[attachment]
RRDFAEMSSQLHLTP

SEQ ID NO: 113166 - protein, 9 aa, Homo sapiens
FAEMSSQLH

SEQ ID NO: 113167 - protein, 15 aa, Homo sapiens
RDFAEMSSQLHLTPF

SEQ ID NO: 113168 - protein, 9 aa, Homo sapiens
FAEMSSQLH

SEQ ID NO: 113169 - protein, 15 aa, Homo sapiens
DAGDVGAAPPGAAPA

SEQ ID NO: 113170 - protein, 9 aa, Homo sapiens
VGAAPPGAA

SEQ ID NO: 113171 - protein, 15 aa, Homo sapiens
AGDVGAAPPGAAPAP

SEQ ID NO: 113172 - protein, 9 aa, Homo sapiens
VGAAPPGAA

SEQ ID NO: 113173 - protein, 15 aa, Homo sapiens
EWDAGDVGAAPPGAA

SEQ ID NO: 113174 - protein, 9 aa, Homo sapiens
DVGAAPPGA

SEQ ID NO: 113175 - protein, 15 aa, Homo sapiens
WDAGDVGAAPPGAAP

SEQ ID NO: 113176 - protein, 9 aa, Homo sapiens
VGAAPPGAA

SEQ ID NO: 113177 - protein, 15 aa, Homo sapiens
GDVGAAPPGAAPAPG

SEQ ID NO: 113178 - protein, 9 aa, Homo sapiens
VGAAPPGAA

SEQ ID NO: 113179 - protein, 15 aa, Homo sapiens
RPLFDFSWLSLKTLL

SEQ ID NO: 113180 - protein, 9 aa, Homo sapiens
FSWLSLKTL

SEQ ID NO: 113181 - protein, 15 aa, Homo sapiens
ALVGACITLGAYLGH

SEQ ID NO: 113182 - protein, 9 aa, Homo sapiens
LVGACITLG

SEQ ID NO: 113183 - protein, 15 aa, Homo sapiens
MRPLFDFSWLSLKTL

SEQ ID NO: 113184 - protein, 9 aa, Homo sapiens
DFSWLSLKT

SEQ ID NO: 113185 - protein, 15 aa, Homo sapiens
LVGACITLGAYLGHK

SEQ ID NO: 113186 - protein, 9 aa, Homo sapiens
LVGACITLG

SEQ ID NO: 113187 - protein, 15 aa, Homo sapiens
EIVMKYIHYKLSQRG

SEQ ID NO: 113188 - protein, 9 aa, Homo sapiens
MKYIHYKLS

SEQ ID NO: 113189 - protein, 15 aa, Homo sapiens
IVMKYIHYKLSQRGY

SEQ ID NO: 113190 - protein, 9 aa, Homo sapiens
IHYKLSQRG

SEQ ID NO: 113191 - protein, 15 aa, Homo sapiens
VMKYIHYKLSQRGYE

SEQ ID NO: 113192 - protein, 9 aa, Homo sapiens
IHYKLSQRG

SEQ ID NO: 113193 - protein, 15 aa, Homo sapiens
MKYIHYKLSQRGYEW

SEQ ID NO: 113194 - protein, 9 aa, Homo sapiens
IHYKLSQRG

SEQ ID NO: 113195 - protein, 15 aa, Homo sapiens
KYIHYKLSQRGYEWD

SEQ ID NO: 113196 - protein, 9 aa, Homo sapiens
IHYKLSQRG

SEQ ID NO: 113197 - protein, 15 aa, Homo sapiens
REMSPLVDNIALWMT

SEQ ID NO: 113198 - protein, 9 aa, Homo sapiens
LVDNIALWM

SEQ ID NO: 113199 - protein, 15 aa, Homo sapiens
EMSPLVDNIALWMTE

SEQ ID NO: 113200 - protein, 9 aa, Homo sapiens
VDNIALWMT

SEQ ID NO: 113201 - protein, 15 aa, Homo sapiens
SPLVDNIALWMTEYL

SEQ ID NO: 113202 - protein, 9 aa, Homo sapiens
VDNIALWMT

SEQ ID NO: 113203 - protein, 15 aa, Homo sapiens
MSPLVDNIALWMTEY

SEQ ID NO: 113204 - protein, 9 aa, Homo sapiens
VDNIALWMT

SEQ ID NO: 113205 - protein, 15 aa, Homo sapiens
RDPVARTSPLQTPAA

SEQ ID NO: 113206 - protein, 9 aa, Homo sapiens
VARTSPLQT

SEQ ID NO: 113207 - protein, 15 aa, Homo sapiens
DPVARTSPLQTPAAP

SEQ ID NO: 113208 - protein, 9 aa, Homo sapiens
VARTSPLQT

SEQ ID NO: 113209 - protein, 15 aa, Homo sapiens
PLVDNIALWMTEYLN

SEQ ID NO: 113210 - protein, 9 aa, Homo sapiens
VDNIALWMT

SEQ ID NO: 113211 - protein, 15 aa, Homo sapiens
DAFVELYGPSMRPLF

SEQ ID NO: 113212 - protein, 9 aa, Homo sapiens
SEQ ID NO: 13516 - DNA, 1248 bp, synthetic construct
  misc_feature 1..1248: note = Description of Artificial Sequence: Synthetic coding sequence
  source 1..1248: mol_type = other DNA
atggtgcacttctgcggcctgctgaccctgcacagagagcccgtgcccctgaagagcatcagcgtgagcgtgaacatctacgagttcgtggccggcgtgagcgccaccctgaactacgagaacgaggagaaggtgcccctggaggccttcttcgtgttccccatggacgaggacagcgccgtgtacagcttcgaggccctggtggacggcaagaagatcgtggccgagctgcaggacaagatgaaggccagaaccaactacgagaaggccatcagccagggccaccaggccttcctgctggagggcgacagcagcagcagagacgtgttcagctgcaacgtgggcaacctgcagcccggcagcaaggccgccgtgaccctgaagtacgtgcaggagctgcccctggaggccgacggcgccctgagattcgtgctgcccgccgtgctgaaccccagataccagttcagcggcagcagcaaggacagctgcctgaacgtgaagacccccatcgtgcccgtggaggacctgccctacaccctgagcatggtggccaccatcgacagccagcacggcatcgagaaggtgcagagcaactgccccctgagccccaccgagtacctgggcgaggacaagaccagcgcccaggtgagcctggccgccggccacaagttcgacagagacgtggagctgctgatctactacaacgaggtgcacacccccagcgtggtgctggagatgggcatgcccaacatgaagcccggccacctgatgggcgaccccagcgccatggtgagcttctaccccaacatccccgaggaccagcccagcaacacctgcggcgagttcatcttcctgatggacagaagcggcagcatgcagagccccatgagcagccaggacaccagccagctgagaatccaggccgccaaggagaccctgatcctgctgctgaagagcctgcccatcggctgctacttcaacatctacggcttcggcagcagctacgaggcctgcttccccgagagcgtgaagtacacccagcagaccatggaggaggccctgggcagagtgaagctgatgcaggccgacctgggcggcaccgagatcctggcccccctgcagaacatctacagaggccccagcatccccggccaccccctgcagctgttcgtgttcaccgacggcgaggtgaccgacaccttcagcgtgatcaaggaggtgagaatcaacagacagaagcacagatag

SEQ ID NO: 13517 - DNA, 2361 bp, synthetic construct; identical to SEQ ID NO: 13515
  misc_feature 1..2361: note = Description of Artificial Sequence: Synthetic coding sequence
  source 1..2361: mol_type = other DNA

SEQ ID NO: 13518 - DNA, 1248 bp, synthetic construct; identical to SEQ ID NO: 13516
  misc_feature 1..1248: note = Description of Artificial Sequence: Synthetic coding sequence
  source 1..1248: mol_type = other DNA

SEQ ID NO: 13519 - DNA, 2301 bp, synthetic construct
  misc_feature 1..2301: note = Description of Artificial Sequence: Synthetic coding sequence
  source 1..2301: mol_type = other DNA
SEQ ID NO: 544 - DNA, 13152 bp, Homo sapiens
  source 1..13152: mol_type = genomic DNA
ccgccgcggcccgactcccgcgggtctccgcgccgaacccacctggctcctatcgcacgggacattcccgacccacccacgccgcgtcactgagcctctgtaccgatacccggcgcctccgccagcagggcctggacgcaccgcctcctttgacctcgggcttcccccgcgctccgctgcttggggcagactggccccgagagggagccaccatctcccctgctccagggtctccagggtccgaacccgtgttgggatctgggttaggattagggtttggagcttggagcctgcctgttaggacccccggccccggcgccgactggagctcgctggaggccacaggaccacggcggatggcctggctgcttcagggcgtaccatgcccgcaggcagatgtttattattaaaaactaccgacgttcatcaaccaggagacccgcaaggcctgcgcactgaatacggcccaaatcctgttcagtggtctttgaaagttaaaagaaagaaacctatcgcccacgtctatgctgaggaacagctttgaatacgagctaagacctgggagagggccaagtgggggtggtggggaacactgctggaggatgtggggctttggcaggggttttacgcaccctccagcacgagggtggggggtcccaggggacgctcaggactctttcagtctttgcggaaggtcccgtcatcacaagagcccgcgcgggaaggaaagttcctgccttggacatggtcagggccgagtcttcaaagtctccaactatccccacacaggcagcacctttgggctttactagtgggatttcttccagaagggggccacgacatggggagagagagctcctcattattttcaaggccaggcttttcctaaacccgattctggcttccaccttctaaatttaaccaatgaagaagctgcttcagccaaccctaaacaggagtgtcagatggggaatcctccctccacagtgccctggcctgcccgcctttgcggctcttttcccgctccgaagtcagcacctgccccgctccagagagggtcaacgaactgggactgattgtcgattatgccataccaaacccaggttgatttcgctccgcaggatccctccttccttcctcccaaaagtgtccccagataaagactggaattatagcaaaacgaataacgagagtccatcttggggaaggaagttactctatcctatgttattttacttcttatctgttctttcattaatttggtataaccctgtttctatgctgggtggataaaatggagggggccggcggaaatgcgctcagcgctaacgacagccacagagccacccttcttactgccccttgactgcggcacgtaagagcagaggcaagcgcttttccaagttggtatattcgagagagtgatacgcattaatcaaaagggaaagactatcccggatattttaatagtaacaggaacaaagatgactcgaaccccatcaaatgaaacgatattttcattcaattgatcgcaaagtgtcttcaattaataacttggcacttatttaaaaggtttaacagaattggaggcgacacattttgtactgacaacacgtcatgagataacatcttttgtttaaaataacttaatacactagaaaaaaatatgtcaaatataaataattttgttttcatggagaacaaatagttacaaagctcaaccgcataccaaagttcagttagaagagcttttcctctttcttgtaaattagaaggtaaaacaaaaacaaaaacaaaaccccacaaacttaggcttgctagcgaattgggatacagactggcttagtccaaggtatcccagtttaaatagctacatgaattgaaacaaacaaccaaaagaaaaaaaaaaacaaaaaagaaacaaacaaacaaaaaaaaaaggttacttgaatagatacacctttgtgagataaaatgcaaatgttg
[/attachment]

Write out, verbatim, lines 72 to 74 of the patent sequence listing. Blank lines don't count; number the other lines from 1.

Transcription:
SEQ ID NO: 113201 - protein, 15 aa, Homo sapiens
SPLVDNIALWMTEYL

SEQ ID NO: 113202 - protein, 9 aa, Homo sapiens